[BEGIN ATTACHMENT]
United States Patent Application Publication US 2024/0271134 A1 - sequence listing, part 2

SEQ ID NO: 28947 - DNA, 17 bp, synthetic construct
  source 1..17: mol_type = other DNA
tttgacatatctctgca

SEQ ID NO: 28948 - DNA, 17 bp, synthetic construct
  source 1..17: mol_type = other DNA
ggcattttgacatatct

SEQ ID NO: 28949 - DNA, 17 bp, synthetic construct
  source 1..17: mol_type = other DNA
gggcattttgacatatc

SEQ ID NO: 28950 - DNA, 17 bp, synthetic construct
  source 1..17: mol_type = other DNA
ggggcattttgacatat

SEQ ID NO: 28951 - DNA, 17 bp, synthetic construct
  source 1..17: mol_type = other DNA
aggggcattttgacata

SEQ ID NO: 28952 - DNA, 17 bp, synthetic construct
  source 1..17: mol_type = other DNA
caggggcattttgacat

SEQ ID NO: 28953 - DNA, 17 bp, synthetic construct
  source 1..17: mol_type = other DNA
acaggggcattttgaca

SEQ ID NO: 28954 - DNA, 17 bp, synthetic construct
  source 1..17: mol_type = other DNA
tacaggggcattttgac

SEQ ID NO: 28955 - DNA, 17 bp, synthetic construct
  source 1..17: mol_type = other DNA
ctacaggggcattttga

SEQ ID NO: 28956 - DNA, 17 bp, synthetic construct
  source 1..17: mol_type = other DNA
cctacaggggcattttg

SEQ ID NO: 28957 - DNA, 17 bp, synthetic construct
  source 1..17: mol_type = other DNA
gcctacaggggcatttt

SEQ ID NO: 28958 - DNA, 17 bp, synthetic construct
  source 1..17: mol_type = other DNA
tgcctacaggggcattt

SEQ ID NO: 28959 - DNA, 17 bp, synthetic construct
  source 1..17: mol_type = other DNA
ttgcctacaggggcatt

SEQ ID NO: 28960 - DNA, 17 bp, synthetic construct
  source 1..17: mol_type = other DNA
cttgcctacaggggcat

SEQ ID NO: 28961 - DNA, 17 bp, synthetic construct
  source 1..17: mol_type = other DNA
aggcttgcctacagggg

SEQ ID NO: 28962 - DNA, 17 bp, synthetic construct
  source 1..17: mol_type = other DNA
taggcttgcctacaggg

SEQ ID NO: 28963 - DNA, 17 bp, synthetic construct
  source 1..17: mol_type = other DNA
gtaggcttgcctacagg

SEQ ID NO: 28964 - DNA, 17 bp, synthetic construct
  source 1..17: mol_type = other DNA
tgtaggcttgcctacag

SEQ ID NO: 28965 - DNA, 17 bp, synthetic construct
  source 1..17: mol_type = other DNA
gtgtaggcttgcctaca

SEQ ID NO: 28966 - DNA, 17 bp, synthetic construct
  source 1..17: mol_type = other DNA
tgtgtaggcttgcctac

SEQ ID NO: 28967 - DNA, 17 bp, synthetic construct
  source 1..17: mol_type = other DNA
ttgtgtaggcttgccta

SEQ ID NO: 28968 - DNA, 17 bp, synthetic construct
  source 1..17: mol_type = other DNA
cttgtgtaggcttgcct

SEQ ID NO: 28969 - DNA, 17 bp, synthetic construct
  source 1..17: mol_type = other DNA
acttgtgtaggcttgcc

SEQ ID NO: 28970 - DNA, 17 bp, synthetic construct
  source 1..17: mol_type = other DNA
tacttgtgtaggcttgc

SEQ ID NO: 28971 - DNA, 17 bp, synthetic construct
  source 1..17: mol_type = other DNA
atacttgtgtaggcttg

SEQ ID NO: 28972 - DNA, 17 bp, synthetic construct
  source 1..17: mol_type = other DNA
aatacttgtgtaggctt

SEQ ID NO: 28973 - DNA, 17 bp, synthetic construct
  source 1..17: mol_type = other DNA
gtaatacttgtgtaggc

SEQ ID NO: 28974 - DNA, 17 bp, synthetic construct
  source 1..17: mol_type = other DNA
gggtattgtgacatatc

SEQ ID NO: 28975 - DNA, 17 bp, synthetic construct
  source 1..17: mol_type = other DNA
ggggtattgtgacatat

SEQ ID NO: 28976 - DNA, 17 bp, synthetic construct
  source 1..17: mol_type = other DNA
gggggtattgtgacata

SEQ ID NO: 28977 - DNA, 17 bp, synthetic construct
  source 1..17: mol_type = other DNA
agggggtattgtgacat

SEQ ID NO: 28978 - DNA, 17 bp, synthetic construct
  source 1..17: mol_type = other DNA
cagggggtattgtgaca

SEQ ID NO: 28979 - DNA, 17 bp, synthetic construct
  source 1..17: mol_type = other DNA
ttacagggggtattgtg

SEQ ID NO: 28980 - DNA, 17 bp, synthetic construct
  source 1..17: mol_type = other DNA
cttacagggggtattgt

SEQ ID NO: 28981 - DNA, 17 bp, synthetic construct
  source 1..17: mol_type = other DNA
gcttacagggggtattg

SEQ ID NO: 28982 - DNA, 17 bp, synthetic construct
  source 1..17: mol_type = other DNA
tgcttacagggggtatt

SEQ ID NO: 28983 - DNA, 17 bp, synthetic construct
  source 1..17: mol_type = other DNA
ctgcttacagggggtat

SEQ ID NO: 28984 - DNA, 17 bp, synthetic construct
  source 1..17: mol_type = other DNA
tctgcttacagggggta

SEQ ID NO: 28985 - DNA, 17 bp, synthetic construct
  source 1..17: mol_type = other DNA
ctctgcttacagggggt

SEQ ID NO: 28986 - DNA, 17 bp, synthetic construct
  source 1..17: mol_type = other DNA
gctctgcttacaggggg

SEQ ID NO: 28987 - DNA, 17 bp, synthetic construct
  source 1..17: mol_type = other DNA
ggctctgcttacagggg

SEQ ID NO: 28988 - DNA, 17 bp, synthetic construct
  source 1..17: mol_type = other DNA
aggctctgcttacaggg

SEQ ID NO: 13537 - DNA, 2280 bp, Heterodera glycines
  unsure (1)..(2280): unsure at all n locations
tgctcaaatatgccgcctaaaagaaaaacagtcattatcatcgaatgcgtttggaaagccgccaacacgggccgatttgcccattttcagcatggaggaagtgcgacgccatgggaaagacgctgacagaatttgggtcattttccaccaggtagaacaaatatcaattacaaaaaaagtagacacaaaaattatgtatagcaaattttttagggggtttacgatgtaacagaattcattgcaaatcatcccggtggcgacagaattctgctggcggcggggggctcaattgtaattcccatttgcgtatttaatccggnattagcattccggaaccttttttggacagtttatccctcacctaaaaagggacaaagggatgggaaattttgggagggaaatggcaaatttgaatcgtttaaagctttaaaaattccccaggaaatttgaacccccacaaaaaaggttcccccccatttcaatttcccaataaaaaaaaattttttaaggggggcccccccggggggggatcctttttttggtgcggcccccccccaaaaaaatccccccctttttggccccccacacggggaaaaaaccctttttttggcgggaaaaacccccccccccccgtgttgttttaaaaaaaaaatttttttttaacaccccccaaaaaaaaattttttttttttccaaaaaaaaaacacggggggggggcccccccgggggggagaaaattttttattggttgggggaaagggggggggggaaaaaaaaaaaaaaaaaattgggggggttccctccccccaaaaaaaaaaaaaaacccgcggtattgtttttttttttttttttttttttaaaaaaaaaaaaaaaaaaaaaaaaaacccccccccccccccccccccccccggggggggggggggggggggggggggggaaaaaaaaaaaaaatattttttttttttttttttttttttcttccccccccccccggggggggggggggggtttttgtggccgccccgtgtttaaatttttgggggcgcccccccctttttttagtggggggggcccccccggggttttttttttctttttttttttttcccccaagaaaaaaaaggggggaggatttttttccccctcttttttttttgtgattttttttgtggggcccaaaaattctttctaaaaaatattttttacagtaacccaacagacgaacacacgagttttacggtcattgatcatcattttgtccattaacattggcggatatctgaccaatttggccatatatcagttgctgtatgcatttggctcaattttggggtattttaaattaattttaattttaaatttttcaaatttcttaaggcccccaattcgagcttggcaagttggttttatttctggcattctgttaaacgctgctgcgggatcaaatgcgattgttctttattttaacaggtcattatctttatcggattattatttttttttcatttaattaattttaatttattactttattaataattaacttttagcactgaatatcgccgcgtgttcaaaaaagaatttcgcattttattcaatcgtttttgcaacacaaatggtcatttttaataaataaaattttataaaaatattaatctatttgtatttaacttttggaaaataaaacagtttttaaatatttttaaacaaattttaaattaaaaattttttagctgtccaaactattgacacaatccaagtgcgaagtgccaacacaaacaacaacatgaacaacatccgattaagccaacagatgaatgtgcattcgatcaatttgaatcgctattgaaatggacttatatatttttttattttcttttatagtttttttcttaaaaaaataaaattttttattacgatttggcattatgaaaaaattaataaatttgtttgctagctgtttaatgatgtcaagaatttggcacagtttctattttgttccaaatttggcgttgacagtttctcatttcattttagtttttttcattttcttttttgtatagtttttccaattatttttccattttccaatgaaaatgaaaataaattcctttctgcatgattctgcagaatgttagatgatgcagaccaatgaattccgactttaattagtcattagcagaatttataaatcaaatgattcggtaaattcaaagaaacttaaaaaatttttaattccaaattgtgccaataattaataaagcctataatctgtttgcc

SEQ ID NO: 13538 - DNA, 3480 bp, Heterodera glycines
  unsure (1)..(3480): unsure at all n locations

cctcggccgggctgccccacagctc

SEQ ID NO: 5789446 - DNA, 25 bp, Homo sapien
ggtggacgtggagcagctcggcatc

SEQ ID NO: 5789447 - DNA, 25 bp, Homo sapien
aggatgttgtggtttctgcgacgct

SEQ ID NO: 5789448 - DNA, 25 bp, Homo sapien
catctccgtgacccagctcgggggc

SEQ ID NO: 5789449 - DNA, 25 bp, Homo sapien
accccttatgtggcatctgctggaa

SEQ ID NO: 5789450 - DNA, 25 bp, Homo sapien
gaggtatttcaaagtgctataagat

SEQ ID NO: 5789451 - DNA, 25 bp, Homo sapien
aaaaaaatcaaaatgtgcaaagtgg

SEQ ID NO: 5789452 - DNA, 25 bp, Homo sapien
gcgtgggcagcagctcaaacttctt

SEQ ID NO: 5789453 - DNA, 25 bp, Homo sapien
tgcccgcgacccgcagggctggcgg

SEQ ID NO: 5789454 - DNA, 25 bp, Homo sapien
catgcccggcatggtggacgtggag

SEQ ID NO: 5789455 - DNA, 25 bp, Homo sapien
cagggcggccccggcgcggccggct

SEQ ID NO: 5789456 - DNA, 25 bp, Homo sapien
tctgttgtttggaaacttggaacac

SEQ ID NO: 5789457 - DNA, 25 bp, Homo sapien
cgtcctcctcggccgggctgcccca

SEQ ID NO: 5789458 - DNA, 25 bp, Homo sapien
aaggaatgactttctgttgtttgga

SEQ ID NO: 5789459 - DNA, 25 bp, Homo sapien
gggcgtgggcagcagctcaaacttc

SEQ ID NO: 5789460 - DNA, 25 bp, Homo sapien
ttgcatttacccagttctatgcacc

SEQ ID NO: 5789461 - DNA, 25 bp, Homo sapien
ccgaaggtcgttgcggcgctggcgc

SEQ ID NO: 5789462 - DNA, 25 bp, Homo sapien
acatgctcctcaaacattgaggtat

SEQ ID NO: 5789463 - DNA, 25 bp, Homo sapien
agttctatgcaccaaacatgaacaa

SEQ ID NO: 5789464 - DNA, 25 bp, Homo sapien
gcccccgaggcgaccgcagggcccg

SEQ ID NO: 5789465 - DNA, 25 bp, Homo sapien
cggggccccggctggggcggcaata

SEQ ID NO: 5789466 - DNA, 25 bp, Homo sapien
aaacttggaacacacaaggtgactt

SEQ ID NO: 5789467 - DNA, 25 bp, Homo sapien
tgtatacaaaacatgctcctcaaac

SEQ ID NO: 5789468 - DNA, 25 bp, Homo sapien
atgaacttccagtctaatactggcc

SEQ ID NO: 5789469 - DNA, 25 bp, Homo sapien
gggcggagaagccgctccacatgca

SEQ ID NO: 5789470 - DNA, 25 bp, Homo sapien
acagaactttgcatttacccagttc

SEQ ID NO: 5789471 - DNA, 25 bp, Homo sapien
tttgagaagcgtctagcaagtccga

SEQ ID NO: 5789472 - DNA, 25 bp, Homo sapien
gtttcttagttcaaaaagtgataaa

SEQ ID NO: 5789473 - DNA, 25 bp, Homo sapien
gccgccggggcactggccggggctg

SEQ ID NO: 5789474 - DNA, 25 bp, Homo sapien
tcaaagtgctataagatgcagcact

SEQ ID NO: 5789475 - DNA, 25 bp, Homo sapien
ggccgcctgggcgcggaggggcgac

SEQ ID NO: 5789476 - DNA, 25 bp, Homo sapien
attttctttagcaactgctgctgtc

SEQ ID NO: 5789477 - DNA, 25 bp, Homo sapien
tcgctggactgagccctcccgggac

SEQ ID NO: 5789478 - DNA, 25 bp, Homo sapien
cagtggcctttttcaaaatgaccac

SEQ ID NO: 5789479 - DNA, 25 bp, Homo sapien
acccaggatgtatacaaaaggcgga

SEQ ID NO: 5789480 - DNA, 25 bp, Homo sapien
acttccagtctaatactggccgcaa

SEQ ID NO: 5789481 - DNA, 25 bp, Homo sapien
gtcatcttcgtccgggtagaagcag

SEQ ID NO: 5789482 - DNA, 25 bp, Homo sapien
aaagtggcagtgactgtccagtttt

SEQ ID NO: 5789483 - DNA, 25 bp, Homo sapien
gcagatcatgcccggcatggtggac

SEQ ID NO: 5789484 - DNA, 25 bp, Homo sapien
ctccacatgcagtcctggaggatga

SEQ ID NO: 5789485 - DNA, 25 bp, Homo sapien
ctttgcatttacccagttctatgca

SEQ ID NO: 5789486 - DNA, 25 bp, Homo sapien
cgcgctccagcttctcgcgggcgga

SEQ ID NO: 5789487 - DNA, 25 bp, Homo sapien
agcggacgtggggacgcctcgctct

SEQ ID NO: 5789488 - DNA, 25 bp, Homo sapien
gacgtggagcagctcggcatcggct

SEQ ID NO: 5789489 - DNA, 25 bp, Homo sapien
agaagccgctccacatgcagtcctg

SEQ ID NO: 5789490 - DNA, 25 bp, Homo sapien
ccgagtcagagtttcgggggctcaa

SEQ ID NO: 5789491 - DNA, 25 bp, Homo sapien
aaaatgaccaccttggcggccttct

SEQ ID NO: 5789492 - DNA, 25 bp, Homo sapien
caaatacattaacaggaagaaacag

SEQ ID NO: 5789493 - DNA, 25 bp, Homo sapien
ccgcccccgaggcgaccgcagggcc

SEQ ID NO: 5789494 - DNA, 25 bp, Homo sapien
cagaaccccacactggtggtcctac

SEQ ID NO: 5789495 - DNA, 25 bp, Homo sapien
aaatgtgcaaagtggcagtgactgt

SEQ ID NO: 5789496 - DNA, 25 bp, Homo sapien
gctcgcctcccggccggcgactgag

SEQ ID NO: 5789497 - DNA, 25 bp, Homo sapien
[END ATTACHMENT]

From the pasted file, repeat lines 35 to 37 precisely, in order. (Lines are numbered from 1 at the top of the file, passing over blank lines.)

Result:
SEQ ID NO: 28958 - DNA, 17 bp, synthetic construct
  source 1..17: mol_type = other DNA
tgcctacaggggcattt